Sony pulls 2.40 update for PS3 off servers

2.40 brokenYesterday it was reported all over the internet that firmware version 2.40 was crashing and freezing up PS3s after installation.

Sony has announced that it has pulled the update from its servers and will be keeping the PS3 community in the loop with "further information" as it tries to solve the issues, which Sony states, has only affected a small number of machines.

On the official PlayStation Blog, Patrick Seybold, director of corporate communications at Sony said,

"As has been reported on many gaming blogs and websites, we have temporarily taken Firmware v2.40 offline. We’ve received a limited number of calls from consumers experiencing an issue with installing the system software update on their PS3.

"While our consumer services department has seen a low volume of calls on this topic, we are committed to providing the PS3 community with XMB access features delivered in the v2.40 update. We are working diligently to isolate the problem for those few consumers and to identify a solution before we put the firmware back up."

This is the second major fiasco occurring at Sony regarding quality control and the proper testing of their software. The first incident occurred with the release of Grand Theft Auto IV at the end of April. Gamers reported similar incidents of freezes and lockups while trying to install the game.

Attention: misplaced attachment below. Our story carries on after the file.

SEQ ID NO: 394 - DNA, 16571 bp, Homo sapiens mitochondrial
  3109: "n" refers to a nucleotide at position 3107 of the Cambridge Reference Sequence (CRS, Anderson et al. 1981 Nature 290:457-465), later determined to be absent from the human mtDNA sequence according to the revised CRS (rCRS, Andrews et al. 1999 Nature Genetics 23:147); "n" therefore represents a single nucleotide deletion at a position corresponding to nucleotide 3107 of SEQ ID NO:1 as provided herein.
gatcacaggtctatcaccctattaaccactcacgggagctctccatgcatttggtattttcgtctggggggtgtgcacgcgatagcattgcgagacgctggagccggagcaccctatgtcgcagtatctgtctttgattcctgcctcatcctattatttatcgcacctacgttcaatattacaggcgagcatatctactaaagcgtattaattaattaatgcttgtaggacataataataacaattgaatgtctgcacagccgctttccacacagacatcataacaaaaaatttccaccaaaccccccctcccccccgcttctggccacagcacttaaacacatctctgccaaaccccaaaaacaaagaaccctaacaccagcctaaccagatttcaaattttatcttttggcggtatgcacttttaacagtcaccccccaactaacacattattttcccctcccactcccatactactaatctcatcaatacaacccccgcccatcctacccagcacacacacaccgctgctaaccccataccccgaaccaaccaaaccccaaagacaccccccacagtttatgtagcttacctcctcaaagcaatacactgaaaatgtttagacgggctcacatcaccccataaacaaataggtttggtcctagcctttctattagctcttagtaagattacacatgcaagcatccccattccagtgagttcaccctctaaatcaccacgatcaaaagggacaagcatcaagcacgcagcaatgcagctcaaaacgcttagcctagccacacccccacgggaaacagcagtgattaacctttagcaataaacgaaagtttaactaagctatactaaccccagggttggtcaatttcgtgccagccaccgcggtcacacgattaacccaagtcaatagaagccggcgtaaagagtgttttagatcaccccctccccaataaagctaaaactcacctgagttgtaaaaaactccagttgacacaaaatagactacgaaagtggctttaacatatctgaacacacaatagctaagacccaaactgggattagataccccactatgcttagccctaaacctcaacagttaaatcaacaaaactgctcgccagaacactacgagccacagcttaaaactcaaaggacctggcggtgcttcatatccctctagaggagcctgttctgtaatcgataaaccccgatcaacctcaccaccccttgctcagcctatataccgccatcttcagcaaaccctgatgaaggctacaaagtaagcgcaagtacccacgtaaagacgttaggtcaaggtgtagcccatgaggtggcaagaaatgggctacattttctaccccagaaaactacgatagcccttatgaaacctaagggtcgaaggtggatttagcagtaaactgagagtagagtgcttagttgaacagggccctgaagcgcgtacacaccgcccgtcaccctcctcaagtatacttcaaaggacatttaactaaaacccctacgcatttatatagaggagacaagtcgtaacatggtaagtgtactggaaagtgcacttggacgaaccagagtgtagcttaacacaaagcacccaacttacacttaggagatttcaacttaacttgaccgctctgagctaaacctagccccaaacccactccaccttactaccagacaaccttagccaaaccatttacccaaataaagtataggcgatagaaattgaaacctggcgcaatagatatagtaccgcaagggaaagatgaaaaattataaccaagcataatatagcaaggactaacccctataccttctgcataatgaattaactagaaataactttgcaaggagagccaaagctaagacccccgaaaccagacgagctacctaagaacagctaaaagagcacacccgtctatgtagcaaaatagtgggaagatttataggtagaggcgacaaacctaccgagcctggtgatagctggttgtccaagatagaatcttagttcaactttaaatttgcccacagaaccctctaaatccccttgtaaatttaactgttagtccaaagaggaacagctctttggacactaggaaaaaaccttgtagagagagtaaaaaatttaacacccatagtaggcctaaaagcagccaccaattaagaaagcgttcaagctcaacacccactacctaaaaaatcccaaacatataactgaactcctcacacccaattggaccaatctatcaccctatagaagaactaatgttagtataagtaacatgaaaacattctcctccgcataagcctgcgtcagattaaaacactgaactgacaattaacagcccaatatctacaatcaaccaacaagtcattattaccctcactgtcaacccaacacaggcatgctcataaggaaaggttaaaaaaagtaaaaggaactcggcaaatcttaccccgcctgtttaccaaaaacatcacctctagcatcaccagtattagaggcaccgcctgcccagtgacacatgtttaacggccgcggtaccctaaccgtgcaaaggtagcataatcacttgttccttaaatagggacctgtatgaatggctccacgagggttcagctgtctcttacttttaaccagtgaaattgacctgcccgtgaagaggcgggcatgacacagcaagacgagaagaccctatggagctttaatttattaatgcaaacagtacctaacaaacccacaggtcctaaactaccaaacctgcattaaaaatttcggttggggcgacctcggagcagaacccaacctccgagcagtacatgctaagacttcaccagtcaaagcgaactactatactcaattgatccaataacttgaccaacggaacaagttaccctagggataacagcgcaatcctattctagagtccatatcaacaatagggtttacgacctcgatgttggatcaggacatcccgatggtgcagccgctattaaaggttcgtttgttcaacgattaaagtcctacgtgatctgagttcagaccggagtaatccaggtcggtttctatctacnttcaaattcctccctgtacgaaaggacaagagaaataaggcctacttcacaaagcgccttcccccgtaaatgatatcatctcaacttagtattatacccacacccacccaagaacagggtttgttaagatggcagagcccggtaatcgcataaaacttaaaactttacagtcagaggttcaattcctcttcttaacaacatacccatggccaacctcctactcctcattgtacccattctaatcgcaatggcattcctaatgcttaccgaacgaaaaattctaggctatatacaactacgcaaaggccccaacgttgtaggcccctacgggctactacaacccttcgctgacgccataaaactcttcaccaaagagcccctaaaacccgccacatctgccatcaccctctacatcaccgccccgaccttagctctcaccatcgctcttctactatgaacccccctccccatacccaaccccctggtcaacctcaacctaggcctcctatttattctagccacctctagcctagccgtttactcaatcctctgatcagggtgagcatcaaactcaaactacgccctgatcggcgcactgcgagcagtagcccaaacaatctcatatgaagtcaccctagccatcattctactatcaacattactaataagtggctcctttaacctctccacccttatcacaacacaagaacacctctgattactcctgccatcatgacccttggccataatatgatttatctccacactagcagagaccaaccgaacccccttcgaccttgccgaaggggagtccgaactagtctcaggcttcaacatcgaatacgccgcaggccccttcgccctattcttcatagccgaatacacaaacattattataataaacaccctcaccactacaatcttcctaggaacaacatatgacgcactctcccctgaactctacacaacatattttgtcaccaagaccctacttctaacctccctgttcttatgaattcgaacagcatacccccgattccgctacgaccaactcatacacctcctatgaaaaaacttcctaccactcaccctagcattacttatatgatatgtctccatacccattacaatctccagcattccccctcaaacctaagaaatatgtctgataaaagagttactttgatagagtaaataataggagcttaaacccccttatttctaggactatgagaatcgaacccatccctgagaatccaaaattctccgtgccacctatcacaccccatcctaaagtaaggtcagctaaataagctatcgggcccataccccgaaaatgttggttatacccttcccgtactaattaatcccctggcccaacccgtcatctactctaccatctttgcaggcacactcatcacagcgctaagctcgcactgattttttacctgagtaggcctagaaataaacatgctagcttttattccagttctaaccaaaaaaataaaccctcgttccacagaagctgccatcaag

It was later discovered that the problems associated with these crashes were occurring primarily with the early 60GB models of the PS3. The irony that some see in all of this is that Sony, the makers of the PS3, should have had all iterations of the PS3 to test their software on, but somehow dropped the ball on this.

While Sony claims that they have received a "limited number of calls" regarding this problem, the actual number of incidents may be far greater since the established user base of the original 60GB PS3 probably numbers in the hundreds of thousands.

The spin from Sony, that it is a "problem for those few consumers," certainly doesn’t fool anyone and doesn’t endear it to its loyal fan base. A simple, "Sorry, we screwed up," would have been much more effective and refreshing than the standard corporate line.

[via playstationblog]


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Author: GamerNode Staff View all posts by

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